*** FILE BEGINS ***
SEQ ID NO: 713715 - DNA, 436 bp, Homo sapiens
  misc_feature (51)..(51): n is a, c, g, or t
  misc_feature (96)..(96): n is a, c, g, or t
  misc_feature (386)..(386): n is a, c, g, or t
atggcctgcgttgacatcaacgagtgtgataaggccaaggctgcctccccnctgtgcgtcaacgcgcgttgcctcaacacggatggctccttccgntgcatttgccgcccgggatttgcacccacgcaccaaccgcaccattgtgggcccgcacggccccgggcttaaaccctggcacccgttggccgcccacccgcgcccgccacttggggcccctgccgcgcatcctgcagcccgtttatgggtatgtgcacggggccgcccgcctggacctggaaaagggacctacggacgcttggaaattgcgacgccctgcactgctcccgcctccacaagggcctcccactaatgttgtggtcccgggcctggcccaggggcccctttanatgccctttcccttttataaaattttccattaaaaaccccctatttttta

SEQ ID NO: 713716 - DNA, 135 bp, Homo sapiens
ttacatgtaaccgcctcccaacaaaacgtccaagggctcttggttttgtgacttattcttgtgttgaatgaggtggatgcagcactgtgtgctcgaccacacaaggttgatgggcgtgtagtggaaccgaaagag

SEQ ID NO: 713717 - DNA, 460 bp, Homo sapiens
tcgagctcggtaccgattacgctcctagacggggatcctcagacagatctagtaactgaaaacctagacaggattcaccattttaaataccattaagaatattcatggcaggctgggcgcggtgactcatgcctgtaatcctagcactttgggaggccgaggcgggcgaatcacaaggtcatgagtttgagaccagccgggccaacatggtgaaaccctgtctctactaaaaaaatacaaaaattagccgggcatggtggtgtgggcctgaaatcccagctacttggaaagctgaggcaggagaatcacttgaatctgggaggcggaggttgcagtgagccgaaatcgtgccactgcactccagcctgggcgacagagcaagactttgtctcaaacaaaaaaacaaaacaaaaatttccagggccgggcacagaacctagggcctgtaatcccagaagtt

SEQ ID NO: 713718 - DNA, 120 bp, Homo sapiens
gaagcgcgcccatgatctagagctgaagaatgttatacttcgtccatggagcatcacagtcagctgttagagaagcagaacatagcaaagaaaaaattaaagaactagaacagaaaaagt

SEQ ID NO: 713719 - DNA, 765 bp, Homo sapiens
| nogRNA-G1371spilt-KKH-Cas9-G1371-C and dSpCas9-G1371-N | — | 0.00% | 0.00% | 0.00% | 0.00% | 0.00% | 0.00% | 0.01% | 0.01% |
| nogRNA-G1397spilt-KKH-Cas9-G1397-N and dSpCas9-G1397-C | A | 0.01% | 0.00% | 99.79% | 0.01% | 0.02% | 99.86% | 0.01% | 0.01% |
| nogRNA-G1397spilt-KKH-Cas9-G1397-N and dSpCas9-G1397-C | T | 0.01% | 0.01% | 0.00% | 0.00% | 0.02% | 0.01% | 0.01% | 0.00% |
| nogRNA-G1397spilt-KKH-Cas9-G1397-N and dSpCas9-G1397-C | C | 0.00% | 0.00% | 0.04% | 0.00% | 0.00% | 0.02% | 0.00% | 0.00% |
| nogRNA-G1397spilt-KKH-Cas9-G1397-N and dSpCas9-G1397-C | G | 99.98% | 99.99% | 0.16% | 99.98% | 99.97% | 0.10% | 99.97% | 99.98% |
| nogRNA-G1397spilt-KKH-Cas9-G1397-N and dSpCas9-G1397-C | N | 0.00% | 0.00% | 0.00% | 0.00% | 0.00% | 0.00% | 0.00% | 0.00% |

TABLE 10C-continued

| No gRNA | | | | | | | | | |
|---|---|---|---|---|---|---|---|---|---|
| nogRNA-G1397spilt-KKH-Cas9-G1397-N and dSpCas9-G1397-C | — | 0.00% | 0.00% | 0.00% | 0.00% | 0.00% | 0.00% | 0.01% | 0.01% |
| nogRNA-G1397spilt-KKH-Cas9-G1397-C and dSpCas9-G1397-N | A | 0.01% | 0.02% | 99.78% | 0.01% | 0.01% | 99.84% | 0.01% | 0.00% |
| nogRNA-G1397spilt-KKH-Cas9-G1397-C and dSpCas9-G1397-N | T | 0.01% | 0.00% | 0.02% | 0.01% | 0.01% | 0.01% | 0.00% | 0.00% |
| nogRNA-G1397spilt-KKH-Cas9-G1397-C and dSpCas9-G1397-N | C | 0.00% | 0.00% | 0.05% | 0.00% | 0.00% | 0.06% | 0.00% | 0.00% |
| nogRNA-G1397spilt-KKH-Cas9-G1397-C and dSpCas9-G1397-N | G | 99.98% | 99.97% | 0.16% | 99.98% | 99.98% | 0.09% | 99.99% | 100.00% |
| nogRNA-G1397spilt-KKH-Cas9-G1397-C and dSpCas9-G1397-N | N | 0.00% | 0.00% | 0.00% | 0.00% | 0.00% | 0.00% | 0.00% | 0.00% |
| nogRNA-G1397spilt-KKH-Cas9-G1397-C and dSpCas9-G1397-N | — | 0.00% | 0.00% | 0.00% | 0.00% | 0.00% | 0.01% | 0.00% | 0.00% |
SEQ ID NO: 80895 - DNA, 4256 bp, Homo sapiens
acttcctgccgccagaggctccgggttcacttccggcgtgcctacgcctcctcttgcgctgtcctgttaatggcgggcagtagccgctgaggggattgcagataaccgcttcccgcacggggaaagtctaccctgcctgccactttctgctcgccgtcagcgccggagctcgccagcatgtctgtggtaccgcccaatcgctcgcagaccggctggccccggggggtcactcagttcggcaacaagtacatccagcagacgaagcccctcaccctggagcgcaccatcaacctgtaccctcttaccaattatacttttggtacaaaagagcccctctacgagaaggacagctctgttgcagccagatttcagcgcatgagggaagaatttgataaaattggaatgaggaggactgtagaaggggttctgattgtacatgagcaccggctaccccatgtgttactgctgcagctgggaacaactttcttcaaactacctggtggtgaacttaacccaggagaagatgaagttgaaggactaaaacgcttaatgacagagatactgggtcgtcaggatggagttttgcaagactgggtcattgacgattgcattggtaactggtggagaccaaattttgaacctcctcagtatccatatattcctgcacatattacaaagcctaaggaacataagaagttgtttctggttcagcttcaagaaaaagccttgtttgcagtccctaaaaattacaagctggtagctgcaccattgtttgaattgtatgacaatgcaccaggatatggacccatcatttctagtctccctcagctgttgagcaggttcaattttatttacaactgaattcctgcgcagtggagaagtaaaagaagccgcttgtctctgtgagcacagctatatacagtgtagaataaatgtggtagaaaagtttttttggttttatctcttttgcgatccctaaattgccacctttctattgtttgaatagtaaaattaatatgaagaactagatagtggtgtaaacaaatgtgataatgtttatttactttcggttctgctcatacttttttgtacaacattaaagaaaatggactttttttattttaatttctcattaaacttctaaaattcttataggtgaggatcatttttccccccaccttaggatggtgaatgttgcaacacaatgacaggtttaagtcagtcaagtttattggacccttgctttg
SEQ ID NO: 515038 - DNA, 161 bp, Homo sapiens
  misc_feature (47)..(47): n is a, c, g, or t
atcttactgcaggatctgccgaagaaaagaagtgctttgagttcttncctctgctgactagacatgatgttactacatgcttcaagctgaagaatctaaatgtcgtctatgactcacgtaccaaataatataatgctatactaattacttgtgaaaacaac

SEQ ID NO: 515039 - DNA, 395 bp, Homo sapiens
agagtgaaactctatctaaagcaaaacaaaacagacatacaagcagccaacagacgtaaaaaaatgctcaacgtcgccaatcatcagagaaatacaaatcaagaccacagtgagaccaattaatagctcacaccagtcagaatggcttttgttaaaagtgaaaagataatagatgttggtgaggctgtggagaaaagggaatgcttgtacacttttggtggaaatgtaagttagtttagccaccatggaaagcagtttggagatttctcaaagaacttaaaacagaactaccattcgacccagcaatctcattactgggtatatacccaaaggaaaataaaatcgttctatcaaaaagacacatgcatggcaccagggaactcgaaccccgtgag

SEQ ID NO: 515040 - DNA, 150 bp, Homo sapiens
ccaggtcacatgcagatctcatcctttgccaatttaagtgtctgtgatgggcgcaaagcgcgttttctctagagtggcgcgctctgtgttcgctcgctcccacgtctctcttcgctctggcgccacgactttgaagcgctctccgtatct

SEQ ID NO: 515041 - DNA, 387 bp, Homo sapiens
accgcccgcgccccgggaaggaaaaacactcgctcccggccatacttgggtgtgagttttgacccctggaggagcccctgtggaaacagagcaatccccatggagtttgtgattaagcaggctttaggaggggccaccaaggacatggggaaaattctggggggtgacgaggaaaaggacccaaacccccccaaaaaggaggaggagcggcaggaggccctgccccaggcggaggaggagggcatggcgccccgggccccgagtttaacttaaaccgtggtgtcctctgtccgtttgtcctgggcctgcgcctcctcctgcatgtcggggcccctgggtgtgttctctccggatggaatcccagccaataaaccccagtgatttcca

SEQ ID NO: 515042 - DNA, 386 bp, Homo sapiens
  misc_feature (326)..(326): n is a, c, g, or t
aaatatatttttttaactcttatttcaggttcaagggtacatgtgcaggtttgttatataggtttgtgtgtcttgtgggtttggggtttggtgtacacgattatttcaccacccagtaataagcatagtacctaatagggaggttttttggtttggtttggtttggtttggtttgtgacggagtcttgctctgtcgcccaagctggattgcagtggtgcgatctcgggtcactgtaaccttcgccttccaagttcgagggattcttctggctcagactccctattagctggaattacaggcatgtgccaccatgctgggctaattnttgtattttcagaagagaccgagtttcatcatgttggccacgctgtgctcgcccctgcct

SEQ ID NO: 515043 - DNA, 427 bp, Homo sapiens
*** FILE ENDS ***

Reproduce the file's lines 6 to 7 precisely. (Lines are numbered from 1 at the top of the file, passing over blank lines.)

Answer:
SEQ ID NO: 713716 - DNA, 135 bp, Homo sapiens
ttacatgtaaccgcctcccaacaaaacgtccaagggctcttggttttgtgacttattcttgtgttgaatgaggtggatgcagcactgtgtgctcgaccacacaaggttgatgggcgtgtagtggaaccgaaagag